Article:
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Have you seen OLAY’s commercial recently? It features a woman saying that getting old means getting replaced by someone younger and then she complains about how unfair the situation is. Suddenly Boy Abunda pops in asking a supposedly thought-provoking question: “Do you lie about your age?
 
I was bothered by this Olay commercial … no actually, I got angry with this ad because I found it so unethical and unscrupulous. These Olay people and whatever Ad Agency came up with this twisted campaign should be castigated, because they are actually subliminally planting the seed of fear in people about something so natural as aging. The worst part is they’re making it appear that they care for women and female issues that’s why they’re doing this (yeah right). In fact, because Olay cares (and because the tooth fairy exists), they want to listen to women and they are now encouraging women to “talk” to Boy Abunda about their fears (ye gods) in order to resolve them (they’re sooooo good that they make me want to cry — ummm, not, barf bag please). C’mon people, let’s kick this facade aside and get past this oh-so-phony gesture of goodwill before we all turn into Orocans. So what is Olay really up to? What is the true message behind their campaign? As I’ve pointed out a while ago — they are actually telling people that we should get very scared about growing old because we will be useless and undesirable once we get old. That is soooooo sick.
 
Good Lord, people should get mad with Olay and their advertising team. By people, I don’t mean just women, but men, gay and lesbians too — because we all age and we all get old, and contrary to what Olay is telling us, it is not something we can stop. Getting old is a natural process and it’s not something to be feared. We should welcome it, because it gives us rest from life’s troubles. It is a period of respite and a sign that we have grown and gained wisdom as individuals. Getting old means we have lived our lives and have learned from our experiences, and our empirical wisdom is something that we could share to the younger generation with the hope that they will be guided and live a life far better and far richer than we’ve had.
 
It is a blessing to get old, but Olay is warping and twisting that blessing and making it sound like a curse. I could almost imagine these shameless Olay people rubbing their hands together in greed while saying, “Yes, yes, sow fear in them. Deceive them, make them think that their age is something to be ashamed of — and then market our product to them as their messiah.” They are probably salivating at the thought of how much money they could make out of this whole misleading, and in my opinion, immoral campaign.
 
Oh you might say, I’m getting too far with the immoral tag. Think about it though, isn’t it immoral when you plant fear in people’s hearts? Isn’t it immoral when you make people feel bad about themselves? Isn’t it immoral when you manipulate people by subtly telling them that they are getting old, useless and ugly so they need to buy Olay age-defying products if they want to be happy and confident? Isn’t it immoral as well when you deceive people into believing that a natural process created by God is unnatural and should be treated as a form of disease? Above all, isn’t it immoral when you cultivate bitterness and distrust between the youth and their elders? After all, according to the Olay ad, the young are not to be trusted because they are out to replace their elders. How twisted and evil can one get — and Olay and their advertising team are doing this for what? I think we all know the answer to that: for money, profit and market share. This makes me feel angry, disappointed and worried. Why are we allowing these ideas to propagate on national TV? We shouldn’t let ourselves be misled by these deceitful business people and we should put a stop to this. In fact, I think we should stop buying their products altogether to make them realize that what they are doing is wrong.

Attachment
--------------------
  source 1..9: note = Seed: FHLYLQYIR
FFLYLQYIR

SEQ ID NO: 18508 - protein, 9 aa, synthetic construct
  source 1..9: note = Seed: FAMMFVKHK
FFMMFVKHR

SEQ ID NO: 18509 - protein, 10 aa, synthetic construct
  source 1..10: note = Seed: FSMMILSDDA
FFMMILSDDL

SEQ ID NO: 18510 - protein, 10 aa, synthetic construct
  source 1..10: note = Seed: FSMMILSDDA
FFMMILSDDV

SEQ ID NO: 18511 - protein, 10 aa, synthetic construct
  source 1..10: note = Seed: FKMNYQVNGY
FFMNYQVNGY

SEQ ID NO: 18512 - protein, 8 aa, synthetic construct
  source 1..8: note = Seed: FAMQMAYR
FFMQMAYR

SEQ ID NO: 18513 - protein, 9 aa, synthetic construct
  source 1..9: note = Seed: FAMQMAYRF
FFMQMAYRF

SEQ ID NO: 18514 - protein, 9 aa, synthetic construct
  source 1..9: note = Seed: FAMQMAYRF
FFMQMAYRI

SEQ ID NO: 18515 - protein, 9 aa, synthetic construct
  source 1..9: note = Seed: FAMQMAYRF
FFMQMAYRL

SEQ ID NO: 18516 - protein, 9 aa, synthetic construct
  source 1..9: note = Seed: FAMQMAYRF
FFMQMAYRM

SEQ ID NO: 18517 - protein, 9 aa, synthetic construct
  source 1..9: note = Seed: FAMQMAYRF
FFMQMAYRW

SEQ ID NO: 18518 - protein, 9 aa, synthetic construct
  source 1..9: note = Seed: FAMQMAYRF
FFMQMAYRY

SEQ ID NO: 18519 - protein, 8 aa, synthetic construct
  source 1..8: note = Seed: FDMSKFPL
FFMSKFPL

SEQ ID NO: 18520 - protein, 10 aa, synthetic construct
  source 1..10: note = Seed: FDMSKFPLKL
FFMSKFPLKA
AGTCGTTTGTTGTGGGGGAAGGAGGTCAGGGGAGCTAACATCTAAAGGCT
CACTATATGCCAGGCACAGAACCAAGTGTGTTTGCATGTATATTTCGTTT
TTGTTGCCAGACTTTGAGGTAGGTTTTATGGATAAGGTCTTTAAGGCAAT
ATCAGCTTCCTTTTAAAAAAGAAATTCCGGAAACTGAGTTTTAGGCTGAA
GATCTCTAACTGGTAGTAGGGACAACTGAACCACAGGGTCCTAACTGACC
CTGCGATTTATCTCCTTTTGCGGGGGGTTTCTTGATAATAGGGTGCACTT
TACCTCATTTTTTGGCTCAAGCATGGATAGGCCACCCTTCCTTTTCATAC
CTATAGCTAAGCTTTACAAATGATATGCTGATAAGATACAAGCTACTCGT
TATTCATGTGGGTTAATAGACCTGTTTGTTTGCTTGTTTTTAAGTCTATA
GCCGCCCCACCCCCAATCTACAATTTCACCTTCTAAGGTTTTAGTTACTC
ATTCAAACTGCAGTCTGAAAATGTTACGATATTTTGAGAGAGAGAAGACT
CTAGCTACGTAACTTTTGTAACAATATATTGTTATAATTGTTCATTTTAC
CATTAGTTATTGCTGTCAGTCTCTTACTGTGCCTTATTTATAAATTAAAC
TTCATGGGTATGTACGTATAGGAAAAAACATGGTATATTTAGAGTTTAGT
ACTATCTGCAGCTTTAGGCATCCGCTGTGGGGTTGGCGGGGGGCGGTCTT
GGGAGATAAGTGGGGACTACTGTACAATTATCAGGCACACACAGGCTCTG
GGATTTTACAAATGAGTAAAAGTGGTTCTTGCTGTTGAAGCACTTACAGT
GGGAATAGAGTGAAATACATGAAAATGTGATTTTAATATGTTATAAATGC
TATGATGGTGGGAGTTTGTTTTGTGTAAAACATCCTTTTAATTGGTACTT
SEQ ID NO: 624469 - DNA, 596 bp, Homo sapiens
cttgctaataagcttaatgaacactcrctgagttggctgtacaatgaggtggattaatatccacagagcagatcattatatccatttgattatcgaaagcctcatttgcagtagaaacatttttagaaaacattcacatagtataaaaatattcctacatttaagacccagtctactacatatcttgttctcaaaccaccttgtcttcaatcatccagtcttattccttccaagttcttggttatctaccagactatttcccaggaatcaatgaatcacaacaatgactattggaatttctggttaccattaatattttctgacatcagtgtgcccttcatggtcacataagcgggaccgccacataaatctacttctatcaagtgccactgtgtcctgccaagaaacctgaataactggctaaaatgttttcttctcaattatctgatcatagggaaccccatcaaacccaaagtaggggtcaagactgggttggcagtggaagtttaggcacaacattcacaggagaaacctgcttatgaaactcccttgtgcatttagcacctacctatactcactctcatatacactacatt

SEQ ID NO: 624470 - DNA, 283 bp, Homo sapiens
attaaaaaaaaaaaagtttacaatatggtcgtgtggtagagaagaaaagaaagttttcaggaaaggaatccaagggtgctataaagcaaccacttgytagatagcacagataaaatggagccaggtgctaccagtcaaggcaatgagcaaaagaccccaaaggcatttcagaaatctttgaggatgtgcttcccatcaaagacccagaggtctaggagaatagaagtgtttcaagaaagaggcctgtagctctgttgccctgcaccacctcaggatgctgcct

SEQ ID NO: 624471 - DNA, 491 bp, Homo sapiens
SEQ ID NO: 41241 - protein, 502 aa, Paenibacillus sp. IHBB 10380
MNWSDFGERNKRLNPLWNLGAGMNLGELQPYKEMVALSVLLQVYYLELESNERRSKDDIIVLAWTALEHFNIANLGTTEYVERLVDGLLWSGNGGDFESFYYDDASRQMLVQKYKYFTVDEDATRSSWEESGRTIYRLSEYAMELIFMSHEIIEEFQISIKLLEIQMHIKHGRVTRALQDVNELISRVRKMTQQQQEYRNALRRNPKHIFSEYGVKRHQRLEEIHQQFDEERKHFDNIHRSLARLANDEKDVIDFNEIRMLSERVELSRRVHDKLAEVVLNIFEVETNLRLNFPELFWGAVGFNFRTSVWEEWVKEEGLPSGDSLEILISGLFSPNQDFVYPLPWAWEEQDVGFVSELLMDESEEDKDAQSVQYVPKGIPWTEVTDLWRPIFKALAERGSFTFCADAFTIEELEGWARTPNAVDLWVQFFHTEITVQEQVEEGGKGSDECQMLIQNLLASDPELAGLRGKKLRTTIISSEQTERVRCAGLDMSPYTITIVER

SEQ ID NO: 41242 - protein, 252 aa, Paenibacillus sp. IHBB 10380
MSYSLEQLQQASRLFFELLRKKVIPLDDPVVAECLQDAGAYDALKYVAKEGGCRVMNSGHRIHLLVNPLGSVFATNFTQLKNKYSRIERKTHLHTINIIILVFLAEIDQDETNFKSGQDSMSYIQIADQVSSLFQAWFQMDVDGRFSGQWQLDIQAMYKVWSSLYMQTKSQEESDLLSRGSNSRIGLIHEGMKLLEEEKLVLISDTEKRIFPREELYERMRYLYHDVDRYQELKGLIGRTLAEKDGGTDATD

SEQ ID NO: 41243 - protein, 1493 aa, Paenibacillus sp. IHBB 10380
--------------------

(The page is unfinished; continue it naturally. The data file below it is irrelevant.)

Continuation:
My parting shot is this — No, I never lied about my age. I am 37 years old. I wake up in the mornings and I feel stiff, my back hurts and my joints hurt as well, but I don’t mind because all of these are part of living and getting old. I also don’t mind because each passing day I see my daughter grow up — we laugh together, we talk about a lot of things and she ends up surprising me with her insights at times. I try my best to prepare her for life (because at my age I know how tough life can be) and I try to guide her with my experiences. I hope by sharing with her what I have learned about love, home, friends, family and God; she’d be able to live a full and happy life herself. Now, these joy and knowledge are something that Olay and their long line of products can never ever sell — and I thank God for that.
 

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